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DCIS stands for Ductal Carcinoma

in situ and means that there abnormal cells in the milk ducts of the breast. This has not spread into any other breast tissue. Before breast screening took places a diagnosis of DCIS was rare but now it is common. DCIS looks like specks of white (calcium) on a mammogram.

When doctors look at DCIS under the microscope they can split it into different grades – high, intermediate and low. High grade DCIS cells look more like invasive breast cancer cells. Because high grade is more likely to turn into breast cancer, it is treated as though it is. Many doctors are uncertain if low or intermediate DCIS would ever become invasive breast cancer. Some feel that it needs watching, but doesn’t need urgent treatment as if it was breast cancer.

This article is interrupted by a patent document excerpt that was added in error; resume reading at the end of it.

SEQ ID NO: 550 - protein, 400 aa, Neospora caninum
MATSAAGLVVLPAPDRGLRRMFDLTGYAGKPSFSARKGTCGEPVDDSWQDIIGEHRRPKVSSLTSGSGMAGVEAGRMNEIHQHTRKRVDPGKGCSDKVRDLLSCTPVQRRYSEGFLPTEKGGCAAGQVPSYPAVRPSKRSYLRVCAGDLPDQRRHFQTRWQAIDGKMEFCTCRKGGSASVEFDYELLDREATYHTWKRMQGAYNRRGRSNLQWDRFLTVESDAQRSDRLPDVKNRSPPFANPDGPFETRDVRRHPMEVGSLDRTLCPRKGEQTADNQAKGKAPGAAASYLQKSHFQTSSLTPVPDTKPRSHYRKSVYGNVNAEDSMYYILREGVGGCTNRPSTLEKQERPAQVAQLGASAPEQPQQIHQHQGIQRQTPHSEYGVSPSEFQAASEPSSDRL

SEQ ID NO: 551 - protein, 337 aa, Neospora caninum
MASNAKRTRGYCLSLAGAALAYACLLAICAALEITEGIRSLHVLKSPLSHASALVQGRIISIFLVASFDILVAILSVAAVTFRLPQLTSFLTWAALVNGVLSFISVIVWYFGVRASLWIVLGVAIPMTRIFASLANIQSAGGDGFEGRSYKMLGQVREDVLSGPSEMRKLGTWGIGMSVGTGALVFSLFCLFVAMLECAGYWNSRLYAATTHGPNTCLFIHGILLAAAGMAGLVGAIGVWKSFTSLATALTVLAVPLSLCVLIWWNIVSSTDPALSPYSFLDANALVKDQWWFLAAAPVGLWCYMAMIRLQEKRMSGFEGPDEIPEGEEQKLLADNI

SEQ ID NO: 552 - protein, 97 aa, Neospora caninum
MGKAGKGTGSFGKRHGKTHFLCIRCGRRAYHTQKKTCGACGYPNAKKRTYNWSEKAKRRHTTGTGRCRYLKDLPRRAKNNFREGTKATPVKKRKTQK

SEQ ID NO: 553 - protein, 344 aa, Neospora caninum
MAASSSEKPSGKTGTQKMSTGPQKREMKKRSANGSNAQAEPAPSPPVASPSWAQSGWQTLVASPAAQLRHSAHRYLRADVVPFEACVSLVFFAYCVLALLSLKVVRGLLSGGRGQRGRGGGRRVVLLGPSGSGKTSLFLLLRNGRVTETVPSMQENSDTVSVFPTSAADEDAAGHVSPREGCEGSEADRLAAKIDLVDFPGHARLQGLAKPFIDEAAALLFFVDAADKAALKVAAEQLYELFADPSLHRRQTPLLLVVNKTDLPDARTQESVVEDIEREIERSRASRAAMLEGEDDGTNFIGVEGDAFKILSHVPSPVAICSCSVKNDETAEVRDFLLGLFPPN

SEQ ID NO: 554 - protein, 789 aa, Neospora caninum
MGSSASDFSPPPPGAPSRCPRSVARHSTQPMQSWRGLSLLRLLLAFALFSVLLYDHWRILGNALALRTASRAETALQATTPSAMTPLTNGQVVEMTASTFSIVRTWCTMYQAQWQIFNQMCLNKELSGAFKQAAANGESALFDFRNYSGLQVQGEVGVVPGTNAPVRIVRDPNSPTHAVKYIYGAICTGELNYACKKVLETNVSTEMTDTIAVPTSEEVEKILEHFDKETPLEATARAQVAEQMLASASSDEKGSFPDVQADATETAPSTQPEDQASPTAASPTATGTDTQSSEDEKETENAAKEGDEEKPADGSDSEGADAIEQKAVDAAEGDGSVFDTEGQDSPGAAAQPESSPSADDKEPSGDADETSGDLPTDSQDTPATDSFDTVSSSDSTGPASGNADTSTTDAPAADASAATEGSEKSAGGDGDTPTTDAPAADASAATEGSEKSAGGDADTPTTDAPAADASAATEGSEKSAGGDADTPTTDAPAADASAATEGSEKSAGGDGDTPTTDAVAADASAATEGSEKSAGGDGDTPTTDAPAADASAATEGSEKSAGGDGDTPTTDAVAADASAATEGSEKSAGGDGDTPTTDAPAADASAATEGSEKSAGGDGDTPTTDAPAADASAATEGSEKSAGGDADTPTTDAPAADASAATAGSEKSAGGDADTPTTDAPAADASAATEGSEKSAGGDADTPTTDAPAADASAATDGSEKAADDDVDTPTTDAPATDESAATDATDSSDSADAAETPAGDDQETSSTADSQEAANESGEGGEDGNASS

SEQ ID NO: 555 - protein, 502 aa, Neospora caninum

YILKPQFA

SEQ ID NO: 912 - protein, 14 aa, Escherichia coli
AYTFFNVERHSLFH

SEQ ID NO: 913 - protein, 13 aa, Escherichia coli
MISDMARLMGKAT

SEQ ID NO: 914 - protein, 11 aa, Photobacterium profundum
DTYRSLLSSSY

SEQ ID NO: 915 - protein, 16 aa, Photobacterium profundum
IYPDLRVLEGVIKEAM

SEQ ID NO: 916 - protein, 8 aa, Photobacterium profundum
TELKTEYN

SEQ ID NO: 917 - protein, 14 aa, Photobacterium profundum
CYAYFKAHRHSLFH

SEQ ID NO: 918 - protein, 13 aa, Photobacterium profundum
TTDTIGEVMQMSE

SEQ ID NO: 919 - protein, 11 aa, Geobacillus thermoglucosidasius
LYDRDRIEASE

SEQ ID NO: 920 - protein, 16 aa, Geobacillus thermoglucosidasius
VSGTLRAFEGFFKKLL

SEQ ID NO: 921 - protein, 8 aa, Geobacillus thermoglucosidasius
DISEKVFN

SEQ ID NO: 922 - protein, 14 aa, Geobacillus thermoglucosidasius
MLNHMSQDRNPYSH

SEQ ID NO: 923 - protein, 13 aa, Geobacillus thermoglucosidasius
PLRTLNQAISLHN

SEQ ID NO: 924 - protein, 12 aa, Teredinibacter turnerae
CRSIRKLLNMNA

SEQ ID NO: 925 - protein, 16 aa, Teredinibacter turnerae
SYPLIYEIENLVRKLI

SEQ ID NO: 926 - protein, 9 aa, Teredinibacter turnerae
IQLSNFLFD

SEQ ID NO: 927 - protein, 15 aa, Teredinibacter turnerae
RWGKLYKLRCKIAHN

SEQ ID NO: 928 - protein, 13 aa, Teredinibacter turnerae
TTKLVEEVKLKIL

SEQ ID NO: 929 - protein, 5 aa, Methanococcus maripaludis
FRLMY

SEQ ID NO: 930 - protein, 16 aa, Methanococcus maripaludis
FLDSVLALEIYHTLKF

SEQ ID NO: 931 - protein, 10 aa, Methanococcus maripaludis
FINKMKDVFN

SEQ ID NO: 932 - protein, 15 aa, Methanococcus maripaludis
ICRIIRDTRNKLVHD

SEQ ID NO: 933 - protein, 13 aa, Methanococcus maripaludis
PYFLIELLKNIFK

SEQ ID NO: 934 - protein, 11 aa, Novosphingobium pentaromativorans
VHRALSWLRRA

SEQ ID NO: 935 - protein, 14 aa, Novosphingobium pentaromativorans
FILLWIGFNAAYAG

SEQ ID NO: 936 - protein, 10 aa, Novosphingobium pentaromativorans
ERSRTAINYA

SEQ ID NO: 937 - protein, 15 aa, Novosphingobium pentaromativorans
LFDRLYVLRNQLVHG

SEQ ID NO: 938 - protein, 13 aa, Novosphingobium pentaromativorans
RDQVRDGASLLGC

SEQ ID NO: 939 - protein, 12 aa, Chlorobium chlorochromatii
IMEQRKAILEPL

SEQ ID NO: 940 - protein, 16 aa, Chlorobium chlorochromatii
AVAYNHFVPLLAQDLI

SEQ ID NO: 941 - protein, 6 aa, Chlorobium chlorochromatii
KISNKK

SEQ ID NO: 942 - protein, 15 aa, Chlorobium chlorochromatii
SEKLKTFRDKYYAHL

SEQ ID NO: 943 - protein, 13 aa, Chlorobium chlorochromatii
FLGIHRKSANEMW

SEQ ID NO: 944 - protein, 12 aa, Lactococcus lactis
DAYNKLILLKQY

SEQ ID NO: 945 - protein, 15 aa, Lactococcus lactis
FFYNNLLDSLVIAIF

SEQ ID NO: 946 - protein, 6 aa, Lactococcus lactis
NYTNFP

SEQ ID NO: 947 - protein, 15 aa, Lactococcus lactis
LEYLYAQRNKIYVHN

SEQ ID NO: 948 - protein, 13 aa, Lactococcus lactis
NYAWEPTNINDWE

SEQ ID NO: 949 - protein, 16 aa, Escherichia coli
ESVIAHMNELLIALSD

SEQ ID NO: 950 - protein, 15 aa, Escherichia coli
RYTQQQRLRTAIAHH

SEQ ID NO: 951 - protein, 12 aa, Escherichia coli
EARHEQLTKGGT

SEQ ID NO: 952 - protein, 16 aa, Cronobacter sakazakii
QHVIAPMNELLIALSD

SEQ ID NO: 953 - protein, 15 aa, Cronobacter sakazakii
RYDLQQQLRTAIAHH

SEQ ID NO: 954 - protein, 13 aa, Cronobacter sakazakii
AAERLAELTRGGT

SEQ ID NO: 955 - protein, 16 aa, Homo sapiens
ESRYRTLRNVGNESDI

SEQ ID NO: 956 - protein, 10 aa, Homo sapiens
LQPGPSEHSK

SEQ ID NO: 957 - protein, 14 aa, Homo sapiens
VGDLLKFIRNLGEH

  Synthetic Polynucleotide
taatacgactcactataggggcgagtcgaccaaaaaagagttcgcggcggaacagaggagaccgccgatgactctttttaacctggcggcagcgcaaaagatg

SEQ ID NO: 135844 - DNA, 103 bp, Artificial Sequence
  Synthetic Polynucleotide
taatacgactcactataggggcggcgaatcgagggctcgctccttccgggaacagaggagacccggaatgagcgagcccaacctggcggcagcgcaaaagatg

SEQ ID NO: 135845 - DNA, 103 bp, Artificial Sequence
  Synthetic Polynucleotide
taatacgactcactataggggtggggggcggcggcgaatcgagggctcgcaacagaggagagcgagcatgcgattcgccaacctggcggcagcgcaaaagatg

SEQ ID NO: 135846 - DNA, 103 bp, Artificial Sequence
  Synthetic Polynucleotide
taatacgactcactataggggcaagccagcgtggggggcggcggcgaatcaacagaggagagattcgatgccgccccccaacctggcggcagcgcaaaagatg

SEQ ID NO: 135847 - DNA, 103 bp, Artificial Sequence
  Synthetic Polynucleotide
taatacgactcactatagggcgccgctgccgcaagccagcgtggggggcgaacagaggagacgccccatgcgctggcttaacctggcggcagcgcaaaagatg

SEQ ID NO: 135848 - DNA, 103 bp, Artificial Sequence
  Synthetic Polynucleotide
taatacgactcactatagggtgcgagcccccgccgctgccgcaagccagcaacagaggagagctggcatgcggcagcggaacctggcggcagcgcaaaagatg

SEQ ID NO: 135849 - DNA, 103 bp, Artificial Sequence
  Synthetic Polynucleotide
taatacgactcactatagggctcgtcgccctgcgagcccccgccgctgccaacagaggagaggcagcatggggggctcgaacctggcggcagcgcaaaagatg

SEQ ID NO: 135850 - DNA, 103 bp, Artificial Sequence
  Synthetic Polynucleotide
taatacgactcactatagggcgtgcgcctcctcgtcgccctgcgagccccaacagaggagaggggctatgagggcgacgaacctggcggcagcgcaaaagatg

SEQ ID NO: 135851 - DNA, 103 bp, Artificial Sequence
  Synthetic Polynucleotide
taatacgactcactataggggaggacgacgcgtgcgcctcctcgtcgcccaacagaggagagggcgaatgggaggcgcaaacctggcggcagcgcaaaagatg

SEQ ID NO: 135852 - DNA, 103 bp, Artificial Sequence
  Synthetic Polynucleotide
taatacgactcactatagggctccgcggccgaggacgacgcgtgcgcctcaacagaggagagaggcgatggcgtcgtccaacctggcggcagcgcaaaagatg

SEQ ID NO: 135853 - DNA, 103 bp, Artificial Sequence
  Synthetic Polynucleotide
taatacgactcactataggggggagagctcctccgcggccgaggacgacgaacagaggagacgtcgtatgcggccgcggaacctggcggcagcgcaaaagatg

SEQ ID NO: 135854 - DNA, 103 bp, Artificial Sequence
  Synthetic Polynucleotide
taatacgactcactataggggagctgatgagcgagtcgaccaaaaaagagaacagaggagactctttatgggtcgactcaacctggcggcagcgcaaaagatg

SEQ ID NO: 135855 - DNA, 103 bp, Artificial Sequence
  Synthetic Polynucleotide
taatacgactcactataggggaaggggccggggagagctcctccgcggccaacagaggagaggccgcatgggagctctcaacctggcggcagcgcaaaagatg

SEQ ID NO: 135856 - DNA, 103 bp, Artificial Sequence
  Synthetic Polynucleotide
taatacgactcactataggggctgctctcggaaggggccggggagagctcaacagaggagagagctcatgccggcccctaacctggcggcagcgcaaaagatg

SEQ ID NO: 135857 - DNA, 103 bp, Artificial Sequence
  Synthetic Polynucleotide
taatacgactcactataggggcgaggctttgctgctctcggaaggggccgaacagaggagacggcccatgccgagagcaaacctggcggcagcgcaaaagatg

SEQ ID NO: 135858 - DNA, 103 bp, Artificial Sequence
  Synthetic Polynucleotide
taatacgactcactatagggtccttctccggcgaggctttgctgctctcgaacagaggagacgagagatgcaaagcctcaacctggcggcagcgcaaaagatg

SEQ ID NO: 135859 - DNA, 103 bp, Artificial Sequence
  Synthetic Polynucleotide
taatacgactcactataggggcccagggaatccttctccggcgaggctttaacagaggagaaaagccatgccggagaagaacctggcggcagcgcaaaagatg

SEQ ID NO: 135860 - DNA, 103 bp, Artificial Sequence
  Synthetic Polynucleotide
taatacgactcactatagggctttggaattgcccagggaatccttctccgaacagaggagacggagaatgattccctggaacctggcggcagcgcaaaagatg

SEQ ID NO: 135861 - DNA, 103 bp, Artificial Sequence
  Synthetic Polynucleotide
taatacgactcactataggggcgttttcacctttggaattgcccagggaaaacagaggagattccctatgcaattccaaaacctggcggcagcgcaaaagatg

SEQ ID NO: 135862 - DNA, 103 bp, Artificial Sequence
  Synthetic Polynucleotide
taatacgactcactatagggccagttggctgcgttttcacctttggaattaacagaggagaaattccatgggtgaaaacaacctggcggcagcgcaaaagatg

The choice to treat or not should belong to you but you need lots of information and support from your specialists to help you arrive at this decision. Alternatively you may prefer to leave such a choice to the professional looking after you. Again though, this is your decision.

You can keep up with the latest research being conducted about treatment of DCIS through the LORIS trial . We’d like to thank Lucy Matthews from the Loris Trial for her help in putting together this information.